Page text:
In the last one year, India has witnessed a series of blasts-on November 30, 2011 a powerful bomb blast in Imphal injured 3 people;
In the last one year, India has witnessed a series of blasts-on November 30, 2011 a powerful bomb blast in Imphal injured 3 people; another bomb blast at Jai Hospital in Agra on September 17, 2011 injured at least 15 people; on September 7, 2011 a powerful bomb placed in a briefcase outside the Delhi High Court killed 15 people and injured over 80 people; and on July 13, 2011 terror struck Mumbai when 3 bomb blasts rocked diamond and jewelery-trading districts in Mumbai, leaving 26 people dead and injuring 131 people. In majority of these cases, the bombs were set off using mobile phones, so it's all the more necessary to have the system of location-positioning of mobile phones in the country.
The number of mobile phones have been increasing regularly; and presently the number of mobile phones is around 900 mn. This number is bound to increase further with the adoption of machine to machine (M2M) technologies and new innovations. The day is not far off when we will have more mobile phones than people in the country.
On the technology side, things are also evolving. For example, one of the most important features is to use the wireless infrastructure of a mobile operator to identify the location of any mobile device. Governments across the world have been using this technology for safeguarding their establishment both from internal as well as external threat. So, what is Location Based Services (LBS)?
The 3GPP standards organization has defined LBS architecture as a method for locating devices connected to a mobile network (2G, 3G, and 4G) in a systematic manner that enables users to enjoy an uniform service experience throughout the network. The architecture enables the deployment of multiple location determination methods for the support of location services.
In order to implement LBS, the Ministry of Communications and IT, Government of India has come out with a new notification on May 31, 2011, which focused on the amendment of the Unified Access Service License (UASL) agreement for security-related concerns for expansion of telecom services in various zones of the country. The notification announced that mobile operators shall provide location details in the license service area as per the timeframe from the date of issue of this amendment and accuracy (see Table). The LBS should be a part of CDR in the form of longitude and latitude, besides the coordinate of cell sites, which is already one of the mandated fields of CDR. The accuracy of location varies with respect to urban, semi-urban & rural, and remote. Depending upon the location of the customer, the accuracy varies from 50 m to 500 m. Initially, the details will be provided for specified mobile numbers; but within 3 years, the location details shall be part of CDR for all mobile calls. All this will help in giving a big boost to security forces, as they can now narrow their area of uncertainty, which will give a big boost to the internal security system in the country.
Technologies used by the operators for LBS include Cell ID, enhanced cell ID, LMU, GPS, and A-GPS solutions. Cell ID is the simplest and most common form of location positioning and identifies which cell site or sector is currently serving the mobile device. The accuracy of cell ID location varies with the density of network cell sites deployment. Greater density yields greater accuracy. Enhanced cell ID helps in determining the mobile location based upon timing advanced and network measurement reports on a cell sector. LMU based location technology can be selectively implemented on a strategic basis in specific geographic areas to supplement performance. GPS and A-GPS solutions use measurements of GPS satellite signals to determine mobile locations. These solutions can be implemented only when mobile phones that are equipped with GPS hardware and software to perform key aspects of location positioning.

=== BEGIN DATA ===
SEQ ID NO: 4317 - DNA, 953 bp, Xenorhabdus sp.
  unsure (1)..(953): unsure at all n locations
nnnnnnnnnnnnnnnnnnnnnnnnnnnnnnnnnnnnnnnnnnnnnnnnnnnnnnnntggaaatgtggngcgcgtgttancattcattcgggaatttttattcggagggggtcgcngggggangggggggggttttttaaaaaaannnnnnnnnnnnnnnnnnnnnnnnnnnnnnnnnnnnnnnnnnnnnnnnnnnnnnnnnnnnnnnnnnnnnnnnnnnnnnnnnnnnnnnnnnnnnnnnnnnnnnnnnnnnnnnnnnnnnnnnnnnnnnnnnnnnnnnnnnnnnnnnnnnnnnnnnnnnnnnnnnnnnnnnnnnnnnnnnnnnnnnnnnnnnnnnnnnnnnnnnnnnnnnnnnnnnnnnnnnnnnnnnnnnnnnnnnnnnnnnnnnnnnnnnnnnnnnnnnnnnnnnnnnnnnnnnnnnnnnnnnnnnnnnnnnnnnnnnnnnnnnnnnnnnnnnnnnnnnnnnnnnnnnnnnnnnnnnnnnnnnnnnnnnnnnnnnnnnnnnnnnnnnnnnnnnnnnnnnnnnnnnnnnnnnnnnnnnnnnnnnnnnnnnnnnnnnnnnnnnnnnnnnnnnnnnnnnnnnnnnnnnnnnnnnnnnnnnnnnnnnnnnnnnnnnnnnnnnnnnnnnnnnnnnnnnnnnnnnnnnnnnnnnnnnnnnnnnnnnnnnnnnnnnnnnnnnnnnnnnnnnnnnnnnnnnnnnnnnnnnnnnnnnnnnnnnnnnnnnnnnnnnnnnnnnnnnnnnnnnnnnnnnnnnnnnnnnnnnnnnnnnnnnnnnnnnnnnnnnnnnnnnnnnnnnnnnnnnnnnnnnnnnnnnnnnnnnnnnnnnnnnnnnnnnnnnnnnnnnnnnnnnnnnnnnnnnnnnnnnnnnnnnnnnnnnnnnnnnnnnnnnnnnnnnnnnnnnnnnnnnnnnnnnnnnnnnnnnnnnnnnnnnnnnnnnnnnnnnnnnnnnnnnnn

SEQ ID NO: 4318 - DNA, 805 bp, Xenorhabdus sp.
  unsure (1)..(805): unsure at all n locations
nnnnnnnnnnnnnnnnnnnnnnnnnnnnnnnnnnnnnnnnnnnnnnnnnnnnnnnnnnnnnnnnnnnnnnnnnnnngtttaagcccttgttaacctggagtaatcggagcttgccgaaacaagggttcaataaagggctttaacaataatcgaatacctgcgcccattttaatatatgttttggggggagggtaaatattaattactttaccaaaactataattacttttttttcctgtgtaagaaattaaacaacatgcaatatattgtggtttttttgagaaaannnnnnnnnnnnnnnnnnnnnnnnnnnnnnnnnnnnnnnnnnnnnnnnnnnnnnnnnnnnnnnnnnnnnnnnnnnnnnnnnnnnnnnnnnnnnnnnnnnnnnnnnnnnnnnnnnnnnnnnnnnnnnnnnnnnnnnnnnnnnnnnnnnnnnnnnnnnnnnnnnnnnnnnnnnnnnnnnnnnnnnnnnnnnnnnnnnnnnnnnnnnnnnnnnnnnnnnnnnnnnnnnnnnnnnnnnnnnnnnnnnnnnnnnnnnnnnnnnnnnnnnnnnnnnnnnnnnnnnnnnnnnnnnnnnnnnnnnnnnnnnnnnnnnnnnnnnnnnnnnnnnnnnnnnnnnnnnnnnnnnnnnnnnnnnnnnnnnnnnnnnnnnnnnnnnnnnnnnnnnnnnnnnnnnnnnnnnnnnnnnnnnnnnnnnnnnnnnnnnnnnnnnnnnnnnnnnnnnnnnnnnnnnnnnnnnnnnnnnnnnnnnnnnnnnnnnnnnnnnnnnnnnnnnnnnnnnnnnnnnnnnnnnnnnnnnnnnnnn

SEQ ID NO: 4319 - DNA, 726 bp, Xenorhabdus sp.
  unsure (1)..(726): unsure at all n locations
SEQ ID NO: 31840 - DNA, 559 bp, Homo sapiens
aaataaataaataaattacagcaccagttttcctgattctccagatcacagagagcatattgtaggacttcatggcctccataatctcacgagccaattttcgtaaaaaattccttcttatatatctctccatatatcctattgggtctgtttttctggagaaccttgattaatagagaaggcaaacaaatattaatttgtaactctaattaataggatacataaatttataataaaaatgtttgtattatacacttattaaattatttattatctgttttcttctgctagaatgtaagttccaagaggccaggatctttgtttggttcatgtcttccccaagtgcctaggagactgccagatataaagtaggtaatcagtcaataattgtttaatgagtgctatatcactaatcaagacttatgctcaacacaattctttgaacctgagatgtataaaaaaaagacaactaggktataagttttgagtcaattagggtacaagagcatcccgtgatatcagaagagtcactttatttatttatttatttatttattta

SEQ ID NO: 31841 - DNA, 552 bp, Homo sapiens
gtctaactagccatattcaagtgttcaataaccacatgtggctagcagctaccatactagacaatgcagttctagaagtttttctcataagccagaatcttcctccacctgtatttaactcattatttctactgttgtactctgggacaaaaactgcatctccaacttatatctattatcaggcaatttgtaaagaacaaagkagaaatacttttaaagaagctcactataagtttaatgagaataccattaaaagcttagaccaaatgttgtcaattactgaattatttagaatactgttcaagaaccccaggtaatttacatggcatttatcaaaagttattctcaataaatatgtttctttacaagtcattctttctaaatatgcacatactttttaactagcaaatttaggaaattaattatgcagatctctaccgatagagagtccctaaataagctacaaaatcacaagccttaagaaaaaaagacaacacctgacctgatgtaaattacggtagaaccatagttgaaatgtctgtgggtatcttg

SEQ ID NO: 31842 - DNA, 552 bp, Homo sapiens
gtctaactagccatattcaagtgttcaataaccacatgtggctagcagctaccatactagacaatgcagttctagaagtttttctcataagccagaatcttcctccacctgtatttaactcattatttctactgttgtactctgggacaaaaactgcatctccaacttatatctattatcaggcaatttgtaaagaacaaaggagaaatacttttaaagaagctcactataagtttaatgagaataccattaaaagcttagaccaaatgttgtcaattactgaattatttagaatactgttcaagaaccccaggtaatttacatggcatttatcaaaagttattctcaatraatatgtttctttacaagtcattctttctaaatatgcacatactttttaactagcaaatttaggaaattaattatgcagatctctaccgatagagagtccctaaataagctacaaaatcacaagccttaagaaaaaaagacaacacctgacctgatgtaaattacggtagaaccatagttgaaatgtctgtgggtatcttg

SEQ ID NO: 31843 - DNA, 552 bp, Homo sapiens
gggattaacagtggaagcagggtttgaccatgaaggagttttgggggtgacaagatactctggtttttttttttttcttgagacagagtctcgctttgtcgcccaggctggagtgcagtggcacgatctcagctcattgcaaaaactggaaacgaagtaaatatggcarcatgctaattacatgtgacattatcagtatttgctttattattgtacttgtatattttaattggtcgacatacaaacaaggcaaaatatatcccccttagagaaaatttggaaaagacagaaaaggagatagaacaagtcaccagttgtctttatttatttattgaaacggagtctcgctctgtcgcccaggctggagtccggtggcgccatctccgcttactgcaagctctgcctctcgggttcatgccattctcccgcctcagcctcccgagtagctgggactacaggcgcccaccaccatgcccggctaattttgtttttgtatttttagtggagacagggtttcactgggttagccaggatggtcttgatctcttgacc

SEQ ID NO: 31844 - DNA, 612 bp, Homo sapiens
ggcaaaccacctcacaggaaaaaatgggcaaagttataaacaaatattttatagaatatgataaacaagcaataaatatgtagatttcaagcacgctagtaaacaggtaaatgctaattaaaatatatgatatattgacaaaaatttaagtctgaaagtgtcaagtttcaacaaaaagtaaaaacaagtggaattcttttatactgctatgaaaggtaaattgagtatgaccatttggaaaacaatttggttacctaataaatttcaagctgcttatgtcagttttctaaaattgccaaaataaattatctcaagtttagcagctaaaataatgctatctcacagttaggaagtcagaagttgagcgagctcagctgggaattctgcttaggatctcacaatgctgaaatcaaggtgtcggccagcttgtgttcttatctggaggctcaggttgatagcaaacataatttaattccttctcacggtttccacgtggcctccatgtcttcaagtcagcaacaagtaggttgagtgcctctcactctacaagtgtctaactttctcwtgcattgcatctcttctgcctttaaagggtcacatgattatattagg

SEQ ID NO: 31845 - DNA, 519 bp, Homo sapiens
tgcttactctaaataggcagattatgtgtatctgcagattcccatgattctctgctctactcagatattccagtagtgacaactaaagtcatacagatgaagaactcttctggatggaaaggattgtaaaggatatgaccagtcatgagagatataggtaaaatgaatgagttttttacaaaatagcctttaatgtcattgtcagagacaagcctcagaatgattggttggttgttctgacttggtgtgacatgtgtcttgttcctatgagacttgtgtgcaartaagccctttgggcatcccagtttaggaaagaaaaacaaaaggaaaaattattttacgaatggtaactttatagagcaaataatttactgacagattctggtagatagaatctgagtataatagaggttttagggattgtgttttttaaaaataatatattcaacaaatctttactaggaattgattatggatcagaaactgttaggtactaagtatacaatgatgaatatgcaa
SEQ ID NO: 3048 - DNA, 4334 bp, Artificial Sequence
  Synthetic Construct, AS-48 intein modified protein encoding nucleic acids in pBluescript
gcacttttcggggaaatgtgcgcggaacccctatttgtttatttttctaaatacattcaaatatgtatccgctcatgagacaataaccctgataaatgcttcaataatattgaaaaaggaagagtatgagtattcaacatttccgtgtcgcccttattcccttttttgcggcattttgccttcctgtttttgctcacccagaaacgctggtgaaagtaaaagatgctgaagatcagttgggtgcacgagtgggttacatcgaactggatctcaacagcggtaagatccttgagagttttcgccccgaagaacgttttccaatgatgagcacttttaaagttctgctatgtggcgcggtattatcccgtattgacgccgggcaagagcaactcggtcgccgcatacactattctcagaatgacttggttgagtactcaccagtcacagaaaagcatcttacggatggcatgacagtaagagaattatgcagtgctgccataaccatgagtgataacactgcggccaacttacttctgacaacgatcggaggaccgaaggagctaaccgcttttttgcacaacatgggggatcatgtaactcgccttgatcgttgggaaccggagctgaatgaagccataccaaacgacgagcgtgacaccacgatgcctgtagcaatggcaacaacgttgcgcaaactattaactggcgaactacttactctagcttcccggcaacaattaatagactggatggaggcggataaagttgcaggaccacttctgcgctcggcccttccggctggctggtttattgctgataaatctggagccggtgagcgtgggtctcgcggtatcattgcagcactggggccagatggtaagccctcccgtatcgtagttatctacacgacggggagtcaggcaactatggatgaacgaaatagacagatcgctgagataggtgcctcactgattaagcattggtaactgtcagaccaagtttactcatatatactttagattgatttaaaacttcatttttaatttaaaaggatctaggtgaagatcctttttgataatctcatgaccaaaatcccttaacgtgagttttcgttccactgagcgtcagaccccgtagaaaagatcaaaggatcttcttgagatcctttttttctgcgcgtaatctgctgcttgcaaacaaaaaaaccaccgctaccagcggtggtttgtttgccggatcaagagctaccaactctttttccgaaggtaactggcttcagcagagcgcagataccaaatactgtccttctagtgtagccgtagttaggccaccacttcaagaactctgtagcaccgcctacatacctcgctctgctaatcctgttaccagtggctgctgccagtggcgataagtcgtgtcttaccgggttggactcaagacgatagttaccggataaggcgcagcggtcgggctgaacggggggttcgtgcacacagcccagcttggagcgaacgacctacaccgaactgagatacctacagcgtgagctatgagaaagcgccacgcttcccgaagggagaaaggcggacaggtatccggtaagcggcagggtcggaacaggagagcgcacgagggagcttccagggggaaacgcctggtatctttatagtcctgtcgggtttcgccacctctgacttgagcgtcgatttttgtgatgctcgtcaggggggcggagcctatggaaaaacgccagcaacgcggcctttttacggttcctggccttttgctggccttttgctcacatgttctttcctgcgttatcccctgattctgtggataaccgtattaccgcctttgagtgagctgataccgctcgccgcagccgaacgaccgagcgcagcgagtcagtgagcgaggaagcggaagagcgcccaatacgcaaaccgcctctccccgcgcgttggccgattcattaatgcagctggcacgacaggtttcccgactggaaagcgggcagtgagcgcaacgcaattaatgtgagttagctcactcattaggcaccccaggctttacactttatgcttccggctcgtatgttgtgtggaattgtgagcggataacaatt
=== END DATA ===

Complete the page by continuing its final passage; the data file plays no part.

There are number of network based location positioning techniques, each with their own strengths and weaknesses. Even in terms of cost they vary a lot, as some of them are hardware based, software based, or a mix of hardware and software. It is said that no single technique is perfect and can provide consistent results for all environments, so one should opt for a mix-and-match approach for location technologies to get accurate results.
Hardware based solution can provide high accuracy, but it can lead to a considerable cost for a large country like India, as one has to install LMU on each BTS. This is also a logistic nightmare, as it is not possible to do a large rollout that is impractical and unaffordable. So, the country should opt for a software based solution, which is easy to deploy and is cheap.
In India, there are 4 players that are active on the LBS front-Creativity Software, CommScope, Ericsson, and Polaris Software. While Creativity Software uses predictive matching, Polaris Wireless opts for RF pattern matching, Ericsson uses fingerprinting, whereas CommScope uses multiple technologies.
Creativity Software: It utilizes predictive matching (patent pending) technology called Accuracy+ and supports 3G PP and 3G PP2 standards like GSM, 3G, and CDMA. The solution will support LTE in the future. LBS is a multi-vendor solution, which provides high accuracy and a low total cost of ownership. Speaking about the solution, Denis Maurin, CTO, Creativity Software says, "The solution developed is purely software based and encompasses the 3 layers necessary for a complete solution: The infrastructure layer where the location is calculated based on signal levels or timing information; middleware layer for connection with different mobile network entities; and an application layer covering both commercial and security applications."